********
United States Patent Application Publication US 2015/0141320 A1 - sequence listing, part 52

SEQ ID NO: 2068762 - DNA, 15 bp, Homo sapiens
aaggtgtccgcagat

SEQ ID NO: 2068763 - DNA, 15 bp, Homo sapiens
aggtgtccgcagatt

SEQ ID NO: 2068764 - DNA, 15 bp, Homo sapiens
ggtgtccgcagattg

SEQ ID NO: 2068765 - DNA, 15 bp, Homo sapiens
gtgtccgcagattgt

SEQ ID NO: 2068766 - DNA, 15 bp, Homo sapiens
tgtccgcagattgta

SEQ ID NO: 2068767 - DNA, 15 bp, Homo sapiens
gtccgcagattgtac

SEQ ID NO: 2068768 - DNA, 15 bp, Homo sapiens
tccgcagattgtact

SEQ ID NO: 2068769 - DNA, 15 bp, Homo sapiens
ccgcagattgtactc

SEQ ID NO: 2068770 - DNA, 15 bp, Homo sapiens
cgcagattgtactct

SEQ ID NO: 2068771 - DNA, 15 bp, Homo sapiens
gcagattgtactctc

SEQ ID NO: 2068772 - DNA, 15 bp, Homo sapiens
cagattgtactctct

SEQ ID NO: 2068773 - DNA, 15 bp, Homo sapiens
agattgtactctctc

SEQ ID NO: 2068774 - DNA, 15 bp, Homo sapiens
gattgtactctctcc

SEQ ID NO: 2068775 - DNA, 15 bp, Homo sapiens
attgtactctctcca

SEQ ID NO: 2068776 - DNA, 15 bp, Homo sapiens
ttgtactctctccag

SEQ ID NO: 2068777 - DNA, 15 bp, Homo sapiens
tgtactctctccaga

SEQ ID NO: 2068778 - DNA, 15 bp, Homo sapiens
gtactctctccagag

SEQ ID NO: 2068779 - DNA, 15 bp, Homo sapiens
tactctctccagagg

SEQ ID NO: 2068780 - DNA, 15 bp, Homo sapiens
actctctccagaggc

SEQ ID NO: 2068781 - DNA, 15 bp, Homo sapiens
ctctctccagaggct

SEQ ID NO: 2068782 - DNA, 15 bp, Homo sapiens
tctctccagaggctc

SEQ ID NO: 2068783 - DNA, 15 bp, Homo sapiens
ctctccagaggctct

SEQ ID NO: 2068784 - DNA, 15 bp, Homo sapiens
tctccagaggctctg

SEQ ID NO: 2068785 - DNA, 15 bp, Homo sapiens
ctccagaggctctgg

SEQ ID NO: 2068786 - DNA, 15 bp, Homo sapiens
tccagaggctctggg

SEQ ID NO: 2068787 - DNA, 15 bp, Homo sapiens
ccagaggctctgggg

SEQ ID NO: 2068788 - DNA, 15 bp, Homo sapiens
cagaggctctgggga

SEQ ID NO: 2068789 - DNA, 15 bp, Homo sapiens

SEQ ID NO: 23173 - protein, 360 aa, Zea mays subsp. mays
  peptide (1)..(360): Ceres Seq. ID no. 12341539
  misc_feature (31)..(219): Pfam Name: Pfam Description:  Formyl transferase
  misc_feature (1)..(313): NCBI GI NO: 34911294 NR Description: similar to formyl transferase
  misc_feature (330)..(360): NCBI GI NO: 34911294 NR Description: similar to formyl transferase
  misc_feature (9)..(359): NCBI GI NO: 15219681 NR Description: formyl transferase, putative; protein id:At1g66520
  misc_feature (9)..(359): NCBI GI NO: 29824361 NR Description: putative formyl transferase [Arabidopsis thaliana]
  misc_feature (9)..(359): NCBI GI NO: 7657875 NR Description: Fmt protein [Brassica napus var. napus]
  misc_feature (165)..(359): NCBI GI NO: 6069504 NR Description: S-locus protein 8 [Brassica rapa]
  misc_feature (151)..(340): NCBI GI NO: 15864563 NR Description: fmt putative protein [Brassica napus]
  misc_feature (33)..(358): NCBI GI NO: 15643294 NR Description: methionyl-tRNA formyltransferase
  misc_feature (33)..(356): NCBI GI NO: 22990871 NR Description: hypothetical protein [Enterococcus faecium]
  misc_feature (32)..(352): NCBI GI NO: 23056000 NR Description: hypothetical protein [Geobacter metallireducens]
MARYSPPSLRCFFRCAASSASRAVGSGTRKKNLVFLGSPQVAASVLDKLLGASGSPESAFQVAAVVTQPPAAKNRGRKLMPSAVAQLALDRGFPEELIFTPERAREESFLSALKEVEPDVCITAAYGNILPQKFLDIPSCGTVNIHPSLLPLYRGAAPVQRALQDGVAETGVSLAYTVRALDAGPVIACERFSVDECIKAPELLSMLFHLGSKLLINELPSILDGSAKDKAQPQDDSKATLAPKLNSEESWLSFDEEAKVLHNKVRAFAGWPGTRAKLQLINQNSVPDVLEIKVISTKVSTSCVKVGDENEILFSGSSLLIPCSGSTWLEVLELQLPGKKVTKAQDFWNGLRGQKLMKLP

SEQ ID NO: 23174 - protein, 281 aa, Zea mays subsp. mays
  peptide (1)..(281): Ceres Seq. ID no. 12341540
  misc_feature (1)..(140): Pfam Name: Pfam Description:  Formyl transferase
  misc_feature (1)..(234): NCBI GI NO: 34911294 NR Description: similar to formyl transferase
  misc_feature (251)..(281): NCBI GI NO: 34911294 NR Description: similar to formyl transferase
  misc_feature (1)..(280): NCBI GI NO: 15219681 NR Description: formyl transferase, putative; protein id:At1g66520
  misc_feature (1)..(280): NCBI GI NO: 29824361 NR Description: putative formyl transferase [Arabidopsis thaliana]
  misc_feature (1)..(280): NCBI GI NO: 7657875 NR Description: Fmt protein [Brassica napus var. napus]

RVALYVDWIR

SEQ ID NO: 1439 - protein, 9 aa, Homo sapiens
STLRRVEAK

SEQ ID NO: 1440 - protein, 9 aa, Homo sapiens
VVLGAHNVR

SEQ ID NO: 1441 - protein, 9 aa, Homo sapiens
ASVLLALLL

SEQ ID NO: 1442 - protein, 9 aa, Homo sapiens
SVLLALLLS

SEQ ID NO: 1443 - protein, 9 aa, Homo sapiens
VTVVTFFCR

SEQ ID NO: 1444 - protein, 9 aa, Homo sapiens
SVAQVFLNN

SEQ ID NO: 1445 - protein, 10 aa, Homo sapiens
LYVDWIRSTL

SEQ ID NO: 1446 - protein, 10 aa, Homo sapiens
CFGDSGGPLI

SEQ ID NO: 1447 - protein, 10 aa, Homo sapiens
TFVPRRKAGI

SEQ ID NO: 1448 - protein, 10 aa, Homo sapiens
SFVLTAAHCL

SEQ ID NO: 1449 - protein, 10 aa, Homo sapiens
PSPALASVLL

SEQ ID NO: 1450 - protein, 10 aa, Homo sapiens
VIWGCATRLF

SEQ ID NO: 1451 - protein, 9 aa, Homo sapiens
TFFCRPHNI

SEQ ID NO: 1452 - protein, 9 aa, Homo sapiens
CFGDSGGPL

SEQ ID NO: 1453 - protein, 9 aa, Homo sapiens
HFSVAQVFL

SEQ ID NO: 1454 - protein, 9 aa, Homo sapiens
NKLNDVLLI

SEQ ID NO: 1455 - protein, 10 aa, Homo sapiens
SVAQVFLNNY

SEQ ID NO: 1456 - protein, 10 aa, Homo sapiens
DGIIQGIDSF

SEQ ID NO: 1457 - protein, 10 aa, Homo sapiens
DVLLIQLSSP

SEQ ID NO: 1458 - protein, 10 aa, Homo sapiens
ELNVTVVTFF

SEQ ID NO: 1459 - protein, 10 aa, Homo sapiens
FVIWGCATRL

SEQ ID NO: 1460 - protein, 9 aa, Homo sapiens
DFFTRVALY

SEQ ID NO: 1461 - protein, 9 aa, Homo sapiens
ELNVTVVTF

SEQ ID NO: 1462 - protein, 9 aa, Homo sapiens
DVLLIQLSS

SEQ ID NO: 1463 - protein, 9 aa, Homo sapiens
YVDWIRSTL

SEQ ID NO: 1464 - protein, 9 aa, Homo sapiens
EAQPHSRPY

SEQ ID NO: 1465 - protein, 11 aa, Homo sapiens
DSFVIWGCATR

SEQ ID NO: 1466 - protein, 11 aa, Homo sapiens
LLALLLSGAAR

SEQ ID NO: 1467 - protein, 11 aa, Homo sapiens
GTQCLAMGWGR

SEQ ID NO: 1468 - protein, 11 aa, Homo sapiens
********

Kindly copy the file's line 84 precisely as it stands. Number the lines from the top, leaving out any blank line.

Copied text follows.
SEQ ID NO: 1441 - protein, 9 aa, Homo sapiens